Mesa Public Schools taking phased learning approach to ensure safety
Jul 16, 2020, 4:25 AM | Updated: 11:17 am
PHOENIX — Arizona’s largest school district has decided on a multi-phased approach to get students back into the classroom for the upcoming school year.
Mesa Public Schools, which serves about 62,000 students, approved its plan dubbed “Safe, Strong, Ready” during a governing board meeting Tuesday night. It comes in several phases.
The school year will start out August 4 with remote learning for all students.
“They will be engaging in remote learning until it is safe to move into our next phase, which is modified in-person,” Dr. Andi Fourlis, the district’s superintendent, told KTAR News 92.3 FM.
During that phase, students will alternate between in-person learning and remote learning throughout the week. Students will be assigned to an “A” or “B” schedule based on their last name and attend school on alternating days.
This will allow schools to avoid having large classroom sizes and be able to implement physical distancing.
All students who want to attend classes in person will be able to do so in the last phase.
There is no timeline for when each phase will be implemented. Instead, Fourlis explained the district will every week evaluate the available COVID-19 data and guidance from health experts to see if it’s safe to have students on campus.
“I have not yet found research that puts a date on safety, so we are staying away from announcing any specific date,” she said. “We believe that public health data will dictate the date, not the date dictating public health.”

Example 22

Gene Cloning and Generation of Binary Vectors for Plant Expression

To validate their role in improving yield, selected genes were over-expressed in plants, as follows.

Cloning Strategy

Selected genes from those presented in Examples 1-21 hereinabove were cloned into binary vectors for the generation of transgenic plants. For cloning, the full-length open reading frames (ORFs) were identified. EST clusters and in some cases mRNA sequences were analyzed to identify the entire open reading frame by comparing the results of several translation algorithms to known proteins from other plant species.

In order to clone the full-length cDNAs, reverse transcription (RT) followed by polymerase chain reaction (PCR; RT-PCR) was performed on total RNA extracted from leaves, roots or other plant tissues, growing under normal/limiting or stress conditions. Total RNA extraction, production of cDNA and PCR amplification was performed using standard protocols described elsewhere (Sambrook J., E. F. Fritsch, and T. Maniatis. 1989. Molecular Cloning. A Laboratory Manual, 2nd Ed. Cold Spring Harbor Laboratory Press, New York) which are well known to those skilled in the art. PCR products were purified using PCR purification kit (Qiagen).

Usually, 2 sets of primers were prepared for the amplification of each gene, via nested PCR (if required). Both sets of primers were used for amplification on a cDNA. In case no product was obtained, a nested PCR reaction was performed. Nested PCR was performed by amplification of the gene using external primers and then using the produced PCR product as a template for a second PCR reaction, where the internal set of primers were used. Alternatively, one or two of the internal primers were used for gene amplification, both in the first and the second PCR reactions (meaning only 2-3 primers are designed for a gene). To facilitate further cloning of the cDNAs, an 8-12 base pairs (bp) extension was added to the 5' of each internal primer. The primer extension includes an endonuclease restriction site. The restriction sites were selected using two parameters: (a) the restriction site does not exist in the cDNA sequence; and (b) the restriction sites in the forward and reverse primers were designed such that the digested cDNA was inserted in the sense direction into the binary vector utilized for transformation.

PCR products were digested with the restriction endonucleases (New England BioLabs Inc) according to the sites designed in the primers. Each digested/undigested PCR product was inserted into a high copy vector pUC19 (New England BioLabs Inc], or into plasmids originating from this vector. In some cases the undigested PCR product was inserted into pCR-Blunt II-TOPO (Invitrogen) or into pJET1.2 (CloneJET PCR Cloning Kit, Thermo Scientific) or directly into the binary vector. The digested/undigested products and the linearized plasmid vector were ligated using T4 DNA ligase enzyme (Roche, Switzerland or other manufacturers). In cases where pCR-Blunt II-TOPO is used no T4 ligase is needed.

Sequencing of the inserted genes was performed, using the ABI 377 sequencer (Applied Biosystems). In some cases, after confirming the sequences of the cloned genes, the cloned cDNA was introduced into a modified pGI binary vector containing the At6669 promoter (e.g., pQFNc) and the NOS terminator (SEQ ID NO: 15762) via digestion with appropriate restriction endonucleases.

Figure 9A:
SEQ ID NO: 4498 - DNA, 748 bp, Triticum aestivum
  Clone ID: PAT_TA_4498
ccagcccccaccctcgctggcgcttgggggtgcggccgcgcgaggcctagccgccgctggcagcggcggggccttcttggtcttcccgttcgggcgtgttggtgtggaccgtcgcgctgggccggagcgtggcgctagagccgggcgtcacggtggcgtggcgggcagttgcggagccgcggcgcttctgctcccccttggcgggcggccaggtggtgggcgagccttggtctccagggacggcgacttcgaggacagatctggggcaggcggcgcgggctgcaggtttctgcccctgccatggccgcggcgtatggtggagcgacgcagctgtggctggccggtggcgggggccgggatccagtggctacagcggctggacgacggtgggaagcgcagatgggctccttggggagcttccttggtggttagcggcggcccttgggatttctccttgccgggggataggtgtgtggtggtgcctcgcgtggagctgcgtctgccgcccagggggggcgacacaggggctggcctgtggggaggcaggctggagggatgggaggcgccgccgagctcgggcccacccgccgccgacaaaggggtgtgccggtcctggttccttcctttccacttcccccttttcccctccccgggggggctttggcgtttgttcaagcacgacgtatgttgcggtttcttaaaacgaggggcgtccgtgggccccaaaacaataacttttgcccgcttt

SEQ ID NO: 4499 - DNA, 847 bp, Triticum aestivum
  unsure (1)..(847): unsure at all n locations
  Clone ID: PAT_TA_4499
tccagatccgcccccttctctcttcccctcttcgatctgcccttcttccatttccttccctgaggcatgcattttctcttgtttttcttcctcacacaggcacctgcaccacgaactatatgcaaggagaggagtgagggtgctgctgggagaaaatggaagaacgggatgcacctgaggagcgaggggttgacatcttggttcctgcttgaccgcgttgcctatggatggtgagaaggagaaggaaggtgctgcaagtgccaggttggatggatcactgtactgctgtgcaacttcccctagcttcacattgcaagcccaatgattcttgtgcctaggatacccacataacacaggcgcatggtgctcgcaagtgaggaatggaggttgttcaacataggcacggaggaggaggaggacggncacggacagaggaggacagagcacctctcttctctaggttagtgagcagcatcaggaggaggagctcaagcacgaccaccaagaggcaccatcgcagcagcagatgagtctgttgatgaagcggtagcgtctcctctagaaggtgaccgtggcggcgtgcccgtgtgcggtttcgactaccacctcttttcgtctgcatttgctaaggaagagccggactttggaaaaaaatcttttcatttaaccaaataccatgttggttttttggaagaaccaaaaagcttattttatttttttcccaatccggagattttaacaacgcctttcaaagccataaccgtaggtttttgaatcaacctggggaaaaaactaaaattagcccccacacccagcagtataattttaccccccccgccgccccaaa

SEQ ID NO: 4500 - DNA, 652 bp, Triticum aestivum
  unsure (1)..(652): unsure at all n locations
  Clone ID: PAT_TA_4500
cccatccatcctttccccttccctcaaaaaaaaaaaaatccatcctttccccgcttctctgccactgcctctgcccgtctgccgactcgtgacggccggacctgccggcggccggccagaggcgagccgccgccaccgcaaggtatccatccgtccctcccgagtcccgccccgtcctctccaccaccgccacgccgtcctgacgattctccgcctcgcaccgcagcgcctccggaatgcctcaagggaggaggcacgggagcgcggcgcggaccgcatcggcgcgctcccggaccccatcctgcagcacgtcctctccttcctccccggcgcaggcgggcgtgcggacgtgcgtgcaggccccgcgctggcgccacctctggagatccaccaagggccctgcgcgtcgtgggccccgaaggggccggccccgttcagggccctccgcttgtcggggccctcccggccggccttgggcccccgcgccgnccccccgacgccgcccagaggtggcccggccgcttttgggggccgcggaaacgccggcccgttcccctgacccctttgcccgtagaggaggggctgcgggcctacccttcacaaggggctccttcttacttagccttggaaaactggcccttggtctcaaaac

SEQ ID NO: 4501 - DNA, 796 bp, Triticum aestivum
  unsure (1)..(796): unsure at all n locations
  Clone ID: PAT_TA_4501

Fourlis added the district will give a two-week notice before it transitions from one phase to the next “so that our departments, our schools and our families can make the necessary plans.”
“It wouldn’t be something like what we’ve experienced in our own community of locking down the state of Arizona and then opening it up and locking it down again and giving a 24-hour notice,” she said.
All students will have the option to do full remote learning throughout all the phases, and they will be provided laptops. Parents may also request training on how to use the online learning platforms so they can support their students.
Recognizing that some students will be facing mental health issues due to the coronavirus, the district will embed social-emotional learning lessons in the curriculum.
It will also provide packaged lunch and breakfast for students or their family members to pick up when they’re doing remote learning.
As for support staff whose jobs depend on students being on campus, they will be assigned to other areas during remote learning. That may include distributing laptops to students.